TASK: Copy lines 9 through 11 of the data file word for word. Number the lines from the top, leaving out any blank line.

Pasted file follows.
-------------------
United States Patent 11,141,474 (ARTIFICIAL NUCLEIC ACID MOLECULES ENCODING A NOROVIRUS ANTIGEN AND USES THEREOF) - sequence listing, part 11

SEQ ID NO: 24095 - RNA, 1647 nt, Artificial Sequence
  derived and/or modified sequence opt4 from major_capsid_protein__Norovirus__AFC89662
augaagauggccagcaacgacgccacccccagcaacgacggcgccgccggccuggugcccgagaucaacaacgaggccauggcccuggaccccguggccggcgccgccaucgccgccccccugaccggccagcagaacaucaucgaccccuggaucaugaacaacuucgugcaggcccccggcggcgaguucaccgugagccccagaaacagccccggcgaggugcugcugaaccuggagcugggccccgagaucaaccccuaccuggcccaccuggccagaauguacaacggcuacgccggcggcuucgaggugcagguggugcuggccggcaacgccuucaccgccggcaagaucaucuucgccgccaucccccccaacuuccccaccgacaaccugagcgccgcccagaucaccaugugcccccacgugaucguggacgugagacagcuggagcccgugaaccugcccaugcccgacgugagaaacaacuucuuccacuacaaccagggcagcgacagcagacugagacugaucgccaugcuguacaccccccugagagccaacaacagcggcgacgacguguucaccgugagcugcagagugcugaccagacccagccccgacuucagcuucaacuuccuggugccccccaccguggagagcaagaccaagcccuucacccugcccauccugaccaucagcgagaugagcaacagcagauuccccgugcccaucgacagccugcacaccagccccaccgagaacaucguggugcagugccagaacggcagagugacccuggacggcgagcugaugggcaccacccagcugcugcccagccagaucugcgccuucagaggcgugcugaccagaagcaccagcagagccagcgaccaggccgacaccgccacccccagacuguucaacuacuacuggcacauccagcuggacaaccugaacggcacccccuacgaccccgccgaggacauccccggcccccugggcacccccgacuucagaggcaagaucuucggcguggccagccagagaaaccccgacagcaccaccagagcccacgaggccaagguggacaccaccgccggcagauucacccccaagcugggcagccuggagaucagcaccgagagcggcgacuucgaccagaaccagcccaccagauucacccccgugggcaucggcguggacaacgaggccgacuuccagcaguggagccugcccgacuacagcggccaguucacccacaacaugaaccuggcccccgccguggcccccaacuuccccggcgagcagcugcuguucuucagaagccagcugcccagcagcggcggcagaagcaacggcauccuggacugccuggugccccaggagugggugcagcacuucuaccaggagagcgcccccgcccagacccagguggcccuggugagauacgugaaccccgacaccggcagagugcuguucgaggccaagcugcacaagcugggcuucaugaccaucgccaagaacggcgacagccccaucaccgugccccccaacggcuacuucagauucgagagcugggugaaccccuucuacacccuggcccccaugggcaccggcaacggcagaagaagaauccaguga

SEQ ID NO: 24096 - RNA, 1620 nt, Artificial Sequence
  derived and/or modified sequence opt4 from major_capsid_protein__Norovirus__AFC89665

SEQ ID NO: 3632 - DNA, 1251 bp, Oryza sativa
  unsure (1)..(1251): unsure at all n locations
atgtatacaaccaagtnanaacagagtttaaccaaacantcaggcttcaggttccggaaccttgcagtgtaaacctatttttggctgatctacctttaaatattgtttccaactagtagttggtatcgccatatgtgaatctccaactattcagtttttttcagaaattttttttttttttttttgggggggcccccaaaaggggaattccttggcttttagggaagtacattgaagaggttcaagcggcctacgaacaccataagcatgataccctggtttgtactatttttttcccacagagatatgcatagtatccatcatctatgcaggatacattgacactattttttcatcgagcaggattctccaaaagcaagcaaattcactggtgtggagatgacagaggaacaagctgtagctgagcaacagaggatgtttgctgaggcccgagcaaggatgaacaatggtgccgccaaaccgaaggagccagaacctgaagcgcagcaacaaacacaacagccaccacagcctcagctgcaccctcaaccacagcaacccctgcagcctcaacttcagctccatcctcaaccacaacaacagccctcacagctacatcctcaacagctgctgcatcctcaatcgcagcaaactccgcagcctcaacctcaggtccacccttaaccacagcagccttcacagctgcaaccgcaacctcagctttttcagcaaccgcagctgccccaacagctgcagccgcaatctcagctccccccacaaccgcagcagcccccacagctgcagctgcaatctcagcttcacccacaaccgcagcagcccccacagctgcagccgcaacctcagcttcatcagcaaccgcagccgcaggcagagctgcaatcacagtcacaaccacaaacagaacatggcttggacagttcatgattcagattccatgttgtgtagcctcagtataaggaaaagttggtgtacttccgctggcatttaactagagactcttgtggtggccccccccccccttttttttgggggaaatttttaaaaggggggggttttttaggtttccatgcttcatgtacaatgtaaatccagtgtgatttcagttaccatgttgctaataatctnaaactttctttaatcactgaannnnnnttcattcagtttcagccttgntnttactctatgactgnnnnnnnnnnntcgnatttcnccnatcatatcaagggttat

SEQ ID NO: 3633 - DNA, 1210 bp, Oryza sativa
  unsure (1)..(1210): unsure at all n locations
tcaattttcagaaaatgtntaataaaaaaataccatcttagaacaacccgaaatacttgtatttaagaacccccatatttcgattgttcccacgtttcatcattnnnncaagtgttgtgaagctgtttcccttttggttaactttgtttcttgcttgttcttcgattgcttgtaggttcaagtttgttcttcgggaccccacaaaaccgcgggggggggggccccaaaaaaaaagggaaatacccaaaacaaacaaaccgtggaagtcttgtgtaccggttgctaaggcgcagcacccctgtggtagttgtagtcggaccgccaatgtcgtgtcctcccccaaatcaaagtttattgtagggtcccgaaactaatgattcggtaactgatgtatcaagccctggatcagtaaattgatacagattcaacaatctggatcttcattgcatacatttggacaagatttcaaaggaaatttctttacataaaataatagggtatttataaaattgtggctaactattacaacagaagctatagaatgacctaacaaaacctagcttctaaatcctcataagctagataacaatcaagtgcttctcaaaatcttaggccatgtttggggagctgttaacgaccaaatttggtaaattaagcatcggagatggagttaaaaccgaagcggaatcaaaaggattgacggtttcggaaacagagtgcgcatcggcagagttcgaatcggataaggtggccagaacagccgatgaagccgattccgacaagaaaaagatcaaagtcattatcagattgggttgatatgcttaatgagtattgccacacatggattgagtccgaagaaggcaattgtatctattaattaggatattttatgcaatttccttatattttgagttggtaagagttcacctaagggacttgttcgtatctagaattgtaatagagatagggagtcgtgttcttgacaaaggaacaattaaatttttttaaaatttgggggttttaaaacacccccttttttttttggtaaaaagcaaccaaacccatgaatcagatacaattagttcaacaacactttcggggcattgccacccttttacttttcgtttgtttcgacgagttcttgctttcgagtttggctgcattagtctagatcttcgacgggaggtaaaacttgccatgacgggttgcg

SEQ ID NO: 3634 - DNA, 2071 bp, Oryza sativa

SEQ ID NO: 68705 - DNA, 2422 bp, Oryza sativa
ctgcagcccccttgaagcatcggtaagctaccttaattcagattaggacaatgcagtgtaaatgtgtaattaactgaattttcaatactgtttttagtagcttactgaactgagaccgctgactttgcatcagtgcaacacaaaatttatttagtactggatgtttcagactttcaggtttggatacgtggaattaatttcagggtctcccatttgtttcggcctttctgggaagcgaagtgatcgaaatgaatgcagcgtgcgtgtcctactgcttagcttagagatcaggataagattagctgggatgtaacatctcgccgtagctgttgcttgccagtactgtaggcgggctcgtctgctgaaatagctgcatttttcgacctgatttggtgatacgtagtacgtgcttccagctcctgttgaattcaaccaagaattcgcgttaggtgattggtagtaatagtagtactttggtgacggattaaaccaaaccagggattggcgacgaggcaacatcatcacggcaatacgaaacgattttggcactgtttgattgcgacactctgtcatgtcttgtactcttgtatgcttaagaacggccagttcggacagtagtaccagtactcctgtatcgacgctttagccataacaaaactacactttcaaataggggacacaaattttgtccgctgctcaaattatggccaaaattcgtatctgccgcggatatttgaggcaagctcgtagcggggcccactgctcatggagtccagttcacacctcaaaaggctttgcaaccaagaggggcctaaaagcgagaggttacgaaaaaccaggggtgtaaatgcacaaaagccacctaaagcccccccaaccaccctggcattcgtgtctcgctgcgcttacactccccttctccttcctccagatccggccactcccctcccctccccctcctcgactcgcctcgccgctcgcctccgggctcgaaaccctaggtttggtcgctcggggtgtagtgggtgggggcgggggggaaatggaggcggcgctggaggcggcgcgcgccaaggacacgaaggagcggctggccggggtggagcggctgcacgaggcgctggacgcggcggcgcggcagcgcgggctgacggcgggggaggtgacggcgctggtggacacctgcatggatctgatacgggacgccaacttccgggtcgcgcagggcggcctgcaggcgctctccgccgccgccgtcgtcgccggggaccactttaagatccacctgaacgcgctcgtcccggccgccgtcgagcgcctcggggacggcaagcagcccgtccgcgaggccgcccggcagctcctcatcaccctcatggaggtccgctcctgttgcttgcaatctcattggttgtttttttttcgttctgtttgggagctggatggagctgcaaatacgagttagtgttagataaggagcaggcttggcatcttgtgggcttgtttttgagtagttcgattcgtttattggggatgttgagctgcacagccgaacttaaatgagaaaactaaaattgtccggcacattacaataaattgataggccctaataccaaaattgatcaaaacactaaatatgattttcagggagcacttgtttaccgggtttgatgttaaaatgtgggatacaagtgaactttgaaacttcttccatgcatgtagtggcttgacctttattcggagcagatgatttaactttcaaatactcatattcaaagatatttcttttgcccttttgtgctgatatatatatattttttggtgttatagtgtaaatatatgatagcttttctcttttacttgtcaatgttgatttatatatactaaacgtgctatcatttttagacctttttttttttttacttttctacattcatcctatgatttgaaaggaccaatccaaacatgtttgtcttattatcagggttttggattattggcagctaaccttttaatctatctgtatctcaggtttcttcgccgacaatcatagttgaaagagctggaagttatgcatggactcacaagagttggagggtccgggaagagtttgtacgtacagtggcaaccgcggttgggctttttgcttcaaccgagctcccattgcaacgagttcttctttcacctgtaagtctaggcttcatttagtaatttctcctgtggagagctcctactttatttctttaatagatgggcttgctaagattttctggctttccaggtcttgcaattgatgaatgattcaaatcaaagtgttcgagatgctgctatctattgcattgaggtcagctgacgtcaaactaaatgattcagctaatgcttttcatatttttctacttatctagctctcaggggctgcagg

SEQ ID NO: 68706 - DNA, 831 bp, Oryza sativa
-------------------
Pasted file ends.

atgtatacaaccaagtnanaacagagtttaaccaaacantcaggcttcaggttccggaaccttgcagtgtaaacctatttttggctgatctacctttaaatattgtttccaactagtagttggtatcgccatatgtgaatctccaactattcagtttttttcagaaattttttttttttttttttgggggggcccccaaaaggggaattccttggcttttagggaagtacattgaagaggttcaagcggcctacgaacaccataagcatgataccctggtttgtactatttttttcccacagagatatgcatagtatccatcatctatgcaggatacattgacactattttttcatcgagcaggattctccaaaagcaagcaaattcactggtgtggagatgacagaggaacaagctgtagctgagcaacagaggatgtttgctgaggcccgagcaaggatgaacaatggtgccgccaaaccgaaggagccagaacctgaagcgcagcaacaaacacaacagccaccacagcctcagctgcaccctcaaccacagcaacccctgcagcctcaacttcagctccatcctcaaccacaacaacagccctcacagctacatcctcaacagctgctgcatcctcaatcgcagcaaactccgcagcctcaacctcaggtccacccttaaccacagcagccttcacagctgcaaccgcaacctcagctttttcagcaaccgcagctgccccaacagctgcagccgcaatctcagctccccccacaaccgcagcagcccccacagctgcagctgcaatctcagcttcacccacaaccgcagcagcccccacagctgcagccgcaacctcagcttcatcagcaaccgcagccgcaggcagagctgcaatcacagtcacaaccacaaacagaacatggcttggacagttcatgattcagattccatgttgtgtagcctcagtataaggaaaagttggtgtacttccgctggcatttaactagagactcttgtggtggccccccccccccttttttttgggggaaatttttaaaaggggggggttttttaggtttccatgcttcatgtacaatgtaaatccagtgtgatttcagttaccatgttgctaataatctnaaactttctttaatcactgaannnnnnttcattcagtttcagccttgntnttactctatgactgnnnnnnnnnnntcgnatttcnccnatcatatcaagggttat

SEQ ID NO: 3633 - DNA, 1210 bp, Oryza sativa
  unsure (1)..(1210): unsure at all n locations